Wednesday, November 25, 2009

Forge's Architecture

The architecture for a computer program is very important since everything else in that program relies on it. Computer architecture is very similar to constructing a physical building. The program's architecture is the concrete foundation that you build on. If the foundation is cracked or broken, then you have a BIG problem. (I hope you understand that a program's architecture is very important even though you cannot see it.)

Forge's architecture restricts which cards are supported. Some cards cannot be added because the architecture isn't flexible enough. Cards like planeswalkers aren't really supported but were added by using elaborate hacks. The same thing applies to cards like Hypnotic Specter and Glorious Anthem. Even activated abilities that tap a card like Royal Assassin have to be "hacked" a little.

All of these "little hacks" add up and causes something later that "should work", not to work. Protection was a major update that required all of the targeting code for all of the cards to be changed. I didn't think about protection when I was creating Forge so all of the cards have to be changed one at a time in order to support protection.

Dennis, Rob, Zerker and others from the forums have donated weeks of their time toward Forge. And although I created Forge, these are the guys that keep it going.

5 comments:

nantuko84 said...

it is the second time when I read that it was big deal to implement protection as it needed to update ALL targeting cards. it's awesome and a little bit suprised me as I spent only a hour or so to implement it in MagicWars that, you know, has the same architecture for targeting (I believe because of using your architecture in MW%))

so I've just looked into mtgforge source code (dated 09-18-forge-full, not recent, but I could find the canTarget method there)

yep, now "all" targeting spells have CardFactoryUtil.canTarget(card, getTargetCard()).
ant the question is: wasn't it easier to add checking before sa.resolve() and say\log\print message about spell or ability fizzle. I believe it's more flexible and takes less time;)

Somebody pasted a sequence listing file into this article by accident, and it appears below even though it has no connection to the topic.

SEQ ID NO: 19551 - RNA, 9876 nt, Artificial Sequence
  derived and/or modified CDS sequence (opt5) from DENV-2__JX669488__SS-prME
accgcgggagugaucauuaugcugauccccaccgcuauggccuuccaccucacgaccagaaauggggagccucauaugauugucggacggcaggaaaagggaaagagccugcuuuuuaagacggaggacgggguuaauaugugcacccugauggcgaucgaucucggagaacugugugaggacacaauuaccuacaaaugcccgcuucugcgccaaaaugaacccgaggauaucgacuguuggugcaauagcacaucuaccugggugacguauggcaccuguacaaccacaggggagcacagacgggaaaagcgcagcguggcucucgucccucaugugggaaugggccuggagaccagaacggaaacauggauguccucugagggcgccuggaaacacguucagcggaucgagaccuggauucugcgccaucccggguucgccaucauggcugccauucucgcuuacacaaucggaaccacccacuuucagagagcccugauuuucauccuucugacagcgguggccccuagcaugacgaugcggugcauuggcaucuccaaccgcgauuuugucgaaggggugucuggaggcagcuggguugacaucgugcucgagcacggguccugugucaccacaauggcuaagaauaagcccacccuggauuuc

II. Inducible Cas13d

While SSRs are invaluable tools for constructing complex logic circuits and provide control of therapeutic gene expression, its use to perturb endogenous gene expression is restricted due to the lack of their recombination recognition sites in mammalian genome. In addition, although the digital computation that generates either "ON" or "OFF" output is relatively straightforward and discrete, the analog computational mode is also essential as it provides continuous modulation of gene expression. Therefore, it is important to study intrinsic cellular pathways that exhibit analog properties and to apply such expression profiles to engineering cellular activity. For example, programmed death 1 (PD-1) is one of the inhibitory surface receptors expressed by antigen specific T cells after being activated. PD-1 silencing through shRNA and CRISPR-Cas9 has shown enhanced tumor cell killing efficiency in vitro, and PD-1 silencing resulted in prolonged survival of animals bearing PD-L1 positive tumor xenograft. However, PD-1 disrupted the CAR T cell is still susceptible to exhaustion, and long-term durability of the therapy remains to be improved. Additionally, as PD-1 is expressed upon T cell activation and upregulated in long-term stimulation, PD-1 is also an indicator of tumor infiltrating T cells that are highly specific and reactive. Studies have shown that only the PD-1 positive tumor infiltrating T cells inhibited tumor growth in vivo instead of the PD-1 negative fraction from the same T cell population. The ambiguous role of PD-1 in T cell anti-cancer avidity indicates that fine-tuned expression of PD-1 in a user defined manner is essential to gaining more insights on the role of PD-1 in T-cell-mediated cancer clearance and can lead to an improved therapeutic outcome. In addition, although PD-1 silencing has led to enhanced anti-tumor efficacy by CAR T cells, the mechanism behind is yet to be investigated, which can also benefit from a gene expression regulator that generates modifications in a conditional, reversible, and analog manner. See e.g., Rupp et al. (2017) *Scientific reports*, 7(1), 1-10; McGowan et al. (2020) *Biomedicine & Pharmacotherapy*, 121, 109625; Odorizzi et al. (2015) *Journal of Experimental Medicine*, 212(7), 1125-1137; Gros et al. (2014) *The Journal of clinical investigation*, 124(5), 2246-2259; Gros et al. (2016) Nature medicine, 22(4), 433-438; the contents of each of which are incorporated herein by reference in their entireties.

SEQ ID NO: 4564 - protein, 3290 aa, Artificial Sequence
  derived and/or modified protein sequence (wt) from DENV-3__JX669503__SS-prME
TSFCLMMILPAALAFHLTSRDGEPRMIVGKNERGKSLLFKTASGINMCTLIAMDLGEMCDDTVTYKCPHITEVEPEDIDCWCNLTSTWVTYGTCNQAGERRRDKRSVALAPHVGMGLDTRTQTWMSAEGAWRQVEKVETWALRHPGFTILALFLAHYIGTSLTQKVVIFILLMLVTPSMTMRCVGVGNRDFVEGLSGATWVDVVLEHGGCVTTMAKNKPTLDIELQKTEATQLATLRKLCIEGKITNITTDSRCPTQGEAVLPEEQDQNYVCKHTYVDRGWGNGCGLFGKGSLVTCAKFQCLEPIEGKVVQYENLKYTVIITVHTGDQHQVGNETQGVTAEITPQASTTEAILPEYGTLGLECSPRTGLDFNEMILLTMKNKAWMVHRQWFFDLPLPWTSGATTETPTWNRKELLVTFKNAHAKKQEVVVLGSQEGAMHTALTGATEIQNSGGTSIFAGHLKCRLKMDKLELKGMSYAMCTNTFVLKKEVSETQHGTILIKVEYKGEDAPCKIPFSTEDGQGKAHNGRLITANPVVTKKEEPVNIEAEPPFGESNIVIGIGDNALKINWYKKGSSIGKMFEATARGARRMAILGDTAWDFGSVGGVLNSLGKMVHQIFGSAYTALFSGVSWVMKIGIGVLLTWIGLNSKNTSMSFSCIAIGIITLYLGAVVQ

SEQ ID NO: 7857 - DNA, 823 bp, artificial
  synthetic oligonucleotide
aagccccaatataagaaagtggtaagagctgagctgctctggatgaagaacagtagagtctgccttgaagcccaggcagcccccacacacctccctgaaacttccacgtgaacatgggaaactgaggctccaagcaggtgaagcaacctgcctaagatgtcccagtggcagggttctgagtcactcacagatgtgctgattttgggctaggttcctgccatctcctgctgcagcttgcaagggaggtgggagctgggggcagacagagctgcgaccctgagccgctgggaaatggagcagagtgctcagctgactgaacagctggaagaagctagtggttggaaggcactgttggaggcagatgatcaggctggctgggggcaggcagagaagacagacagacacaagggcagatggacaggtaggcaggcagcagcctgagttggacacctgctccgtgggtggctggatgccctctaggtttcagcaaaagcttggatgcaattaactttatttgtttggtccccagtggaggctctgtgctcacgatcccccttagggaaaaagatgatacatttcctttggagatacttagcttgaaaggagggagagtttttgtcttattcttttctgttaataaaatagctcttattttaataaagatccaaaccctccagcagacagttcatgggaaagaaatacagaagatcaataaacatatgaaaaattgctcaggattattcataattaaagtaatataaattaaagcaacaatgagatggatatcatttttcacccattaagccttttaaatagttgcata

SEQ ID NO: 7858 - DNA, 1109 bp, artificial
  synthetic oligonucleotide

or may be I misunderstood something, did I?

Rob Cashwalker said...

nantuko-
I agree that you could make that determination in one location before the sa.resolve() call.

However, the AI for a card needs to check if a target is good before deciding on it as a target, so that was one location multiplied by the hundreds of cards where it was needed.
If the game can prevent you from playing the effect against an illegal target, then it's more fun, because you can avoid wasting resources for an effect to just simply fizzle anyway. (the game allows so many other stupid plays)

The canTarget method was in the code a LONG time before protection was added. Some cards used it, many did not. Its presence was actually one of my first question to Forge.

DennisBergkamp said...

Although the original canTarget was found in GameAction.java (added mine in CardFactoryUtil, wasn't even aware one existed in GameAction until later :) ).

Forge said...

Yeah, this is probably the 2nd or 3rd time I've written about protection being a huge change. I'm just very impressed with it.

Forge said...

"Although the original canTarget was found in GameAction.java (added mine in CardFactoryUtil, wasn't even aware one existed in GameAction until later :) )"

In the back of my mind I knew that I might want to implement protection later but I decided to ignore the "protection issue" since it also applies to damage and combat.

(When you are just starting, it is hard to worry about "big issues" like protection which seem very far down the road.)